Inspiration has a sneaky way of manifesting. What started as an artist off-handedly painting on his headshot has evolved into a multi-tiered celebrity-infused project on the nature of creativity.
The photographer is Allan Amato, who specializes in fashion, print ads, and portraits. The artist is David Mack, known for his bestselling Kabuki graphic novel series. It all started back in 2012, when Amato took Mack’s picture, which Mack then enhanced with a few brush strokes.
“He wanted the portrait to reflect what he did,” says Amato. “I must have been percolating on it, because after a couple of days, I thought, ‘That would be an incredibly interesting idea if I did that with multiple artists.’”
Mack introduced Amato to high-profile illustrators, like Bill Sienkiewicz and Kent Williams, who referred their friends. Over next three years, the collaborations blossomed into the Temple of Art, a multi-media meditation on the artistic experience, involving some 60 artists and writers from the U.S. and U.K., a 2014 San Diego Comic-Con panel, December gallery showing, coffee table book (out this month from Baby Tattoo), and upcoming July documentary.
But none of that was initially planned. “I begin my photo shoots with small talk to get people comfortable,” says Amato. “We talk while I snap for awhile. It encourages them not to feel like they’re being invaded. I asked how they worked, found inspiration, and survived financial and emotionally. They had some compelling flashes of inspiration that I hadn’t thought of before.”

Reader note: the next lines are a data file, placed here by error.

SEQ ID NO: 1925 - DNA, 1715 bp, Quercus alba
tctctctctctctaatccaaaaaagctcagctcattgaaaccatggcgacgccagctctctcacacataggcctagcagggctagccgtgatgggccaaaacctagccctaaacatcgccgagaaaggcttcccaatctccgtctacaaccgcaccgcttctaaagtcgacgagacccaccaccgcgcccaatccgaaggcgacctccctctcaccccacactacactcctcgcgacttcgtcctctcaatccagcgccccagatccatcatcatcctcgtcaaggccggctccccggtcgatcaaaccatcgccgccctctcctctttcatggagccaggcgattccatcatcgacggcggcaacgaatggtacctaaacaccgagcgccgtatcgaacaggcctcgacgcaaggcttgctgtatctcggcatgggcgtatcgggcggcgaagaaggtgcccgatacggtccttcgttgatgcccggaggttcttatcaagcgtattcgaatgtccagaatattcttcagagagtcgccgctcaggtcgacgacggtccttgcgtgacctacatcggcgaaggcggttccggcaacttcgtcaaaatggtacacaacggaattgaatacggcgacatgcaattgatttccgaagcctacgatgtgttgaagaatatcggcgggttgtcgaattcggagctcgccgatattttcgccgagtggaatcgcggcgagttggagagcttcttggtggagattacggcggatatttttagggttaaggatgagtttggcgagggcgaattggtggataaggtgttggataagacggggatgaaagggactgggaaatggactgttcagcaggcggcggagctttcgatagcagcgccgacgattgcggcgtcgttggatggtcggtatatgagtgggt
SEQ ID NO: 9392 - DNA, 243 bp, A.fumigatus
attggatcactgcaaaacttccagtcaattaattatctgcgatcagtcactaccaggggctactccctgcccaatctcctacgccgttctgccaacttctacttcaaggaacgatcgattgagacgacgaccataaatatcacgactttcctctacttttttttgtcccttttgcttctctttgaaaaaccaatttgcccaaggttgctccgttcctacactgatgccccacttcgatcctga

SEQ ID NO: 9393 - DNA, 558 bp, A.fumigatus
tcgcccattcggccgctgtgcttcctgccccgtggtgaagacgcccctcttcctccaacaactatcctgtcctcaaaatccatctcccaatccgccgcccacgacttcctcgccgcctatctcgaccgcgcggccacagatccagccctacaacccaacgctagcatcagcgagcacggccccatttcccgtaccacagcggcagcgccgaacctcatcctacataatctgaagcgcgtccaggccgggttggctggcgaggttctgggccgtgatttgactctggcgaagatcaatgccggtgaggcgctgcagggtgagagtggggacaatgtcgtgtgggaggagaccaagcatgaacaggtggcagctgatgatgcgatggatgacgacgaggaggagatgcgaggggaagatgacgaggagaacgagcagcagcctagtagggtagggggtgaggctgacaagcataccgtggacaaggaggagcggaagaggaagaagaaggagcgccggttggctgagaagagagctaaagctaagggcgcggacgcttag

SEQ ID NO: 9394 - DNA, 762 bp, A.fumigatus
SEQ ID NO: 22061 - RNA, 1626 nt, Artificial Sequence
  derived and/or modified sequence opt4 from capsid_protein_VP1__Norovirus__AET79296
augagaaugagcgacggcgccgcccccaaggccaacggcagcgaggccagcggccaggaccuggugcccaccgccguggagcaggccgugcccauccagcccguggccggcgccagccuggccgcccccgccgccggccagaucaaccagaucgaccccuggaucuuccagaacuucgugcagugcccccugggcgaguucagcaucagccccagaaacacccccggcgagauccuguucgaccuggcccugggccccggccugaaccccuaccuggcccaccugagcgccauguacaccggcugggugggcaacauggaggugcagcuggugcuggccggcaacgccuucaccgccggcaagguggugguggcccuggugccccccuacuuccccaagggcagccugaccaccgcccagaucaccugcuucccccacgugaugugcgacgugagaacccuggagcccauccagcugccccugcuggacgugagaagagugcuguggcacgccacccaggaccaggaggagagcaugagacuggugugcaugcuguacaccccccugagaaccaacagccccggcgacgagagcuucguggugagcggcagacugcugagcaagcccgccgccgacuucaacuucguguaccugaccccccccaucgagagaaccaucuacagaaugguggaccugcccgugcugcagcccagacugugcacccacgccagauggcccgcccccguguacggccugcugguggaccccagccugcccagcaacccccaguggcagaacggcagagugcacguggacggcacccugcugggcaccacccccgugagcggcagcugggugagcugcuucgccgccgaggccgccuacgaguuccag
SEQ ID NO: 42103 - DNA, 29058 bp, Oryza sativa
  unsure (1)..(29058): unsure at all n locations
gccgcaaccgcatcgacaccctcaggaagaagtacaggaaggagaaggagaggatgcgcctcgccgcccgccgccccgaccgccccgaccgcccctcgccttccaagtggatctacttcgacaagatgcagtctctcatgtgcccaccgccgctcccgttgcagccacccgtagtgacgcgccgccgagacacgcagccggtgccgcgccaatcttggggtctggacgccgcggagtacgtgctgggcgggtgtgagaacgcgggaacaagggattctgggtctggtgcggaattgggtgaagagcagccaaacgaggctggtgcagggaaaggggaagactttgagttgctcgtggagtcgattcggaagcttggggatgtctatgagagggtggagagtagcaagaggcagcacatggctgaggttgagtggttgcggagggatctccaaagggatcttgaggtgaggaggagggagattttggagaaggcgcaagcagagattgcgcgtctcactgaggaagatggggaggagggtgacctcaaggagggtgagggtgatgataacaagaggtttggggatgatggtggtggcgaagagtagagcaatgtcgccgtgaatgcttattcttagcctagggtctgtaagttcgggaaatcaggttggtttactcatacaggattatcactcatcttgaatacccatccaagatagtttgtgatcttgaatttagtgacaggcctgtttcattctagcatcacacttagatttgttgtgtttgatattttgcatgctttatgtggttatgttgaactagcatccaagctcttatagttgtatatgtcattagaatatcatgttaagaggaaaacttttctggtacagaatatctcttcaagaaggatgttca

Amato’s idea to formally chronicle these thoughts crystallized when renowned San Francisco illustrator and educator Barron Storey came for a sitting. “He was so erudite and compelling, and taught me a lot about what I was doing,” says Amato. “I thought, ‘There is such wisdom here and if I want to hear more of it, probably a lot of current and aspiring artists do, too.’ I initially thought of a short art-centric film. But as more people joined, it got bigger, and I began thinking that there’s an application for anyone who uses creativity.”
The elements came together in a serendipitously haphazard way. Artists recommended friends from several sectors of the art world, while Amato called former clients he’d befriended. Writer Neil Gaiman and his wife, performance artist Amanda Palmer, offered to executive produce the film, with Palmer appearing in it. Amato organized a Comic-Con panel last summer to launch a Kickstarter campaign, which would raise $80,000 towards the film, and drew donations from Gaiman and director Kevin Smith.
The edgy La Luz de Jesus Gallery in Los Angeles’ Silverlake district caught wind and offered a show. Writer Grant Morrison asked to perform a spoken word piece at the opening, which was filmed for the documentary. Morrison may appear, with his words sprawled across his portrait, in a limited edition of the book. Johnny Depp purchased two pieces.
“Not only does Allan take some of the best photos of people I’ve ever seen, but then asking them to comment on those pictures adds to the dimension of personality and depth,” says Morrison. “He makes us look like gods, very beautiful and perfect. But then the artists have gone back and added their own inner dimensions, and sense of self and time passing. It’s the combination of the perfect image and the interior self-being of how these artists actually see themselves—stamped across them.”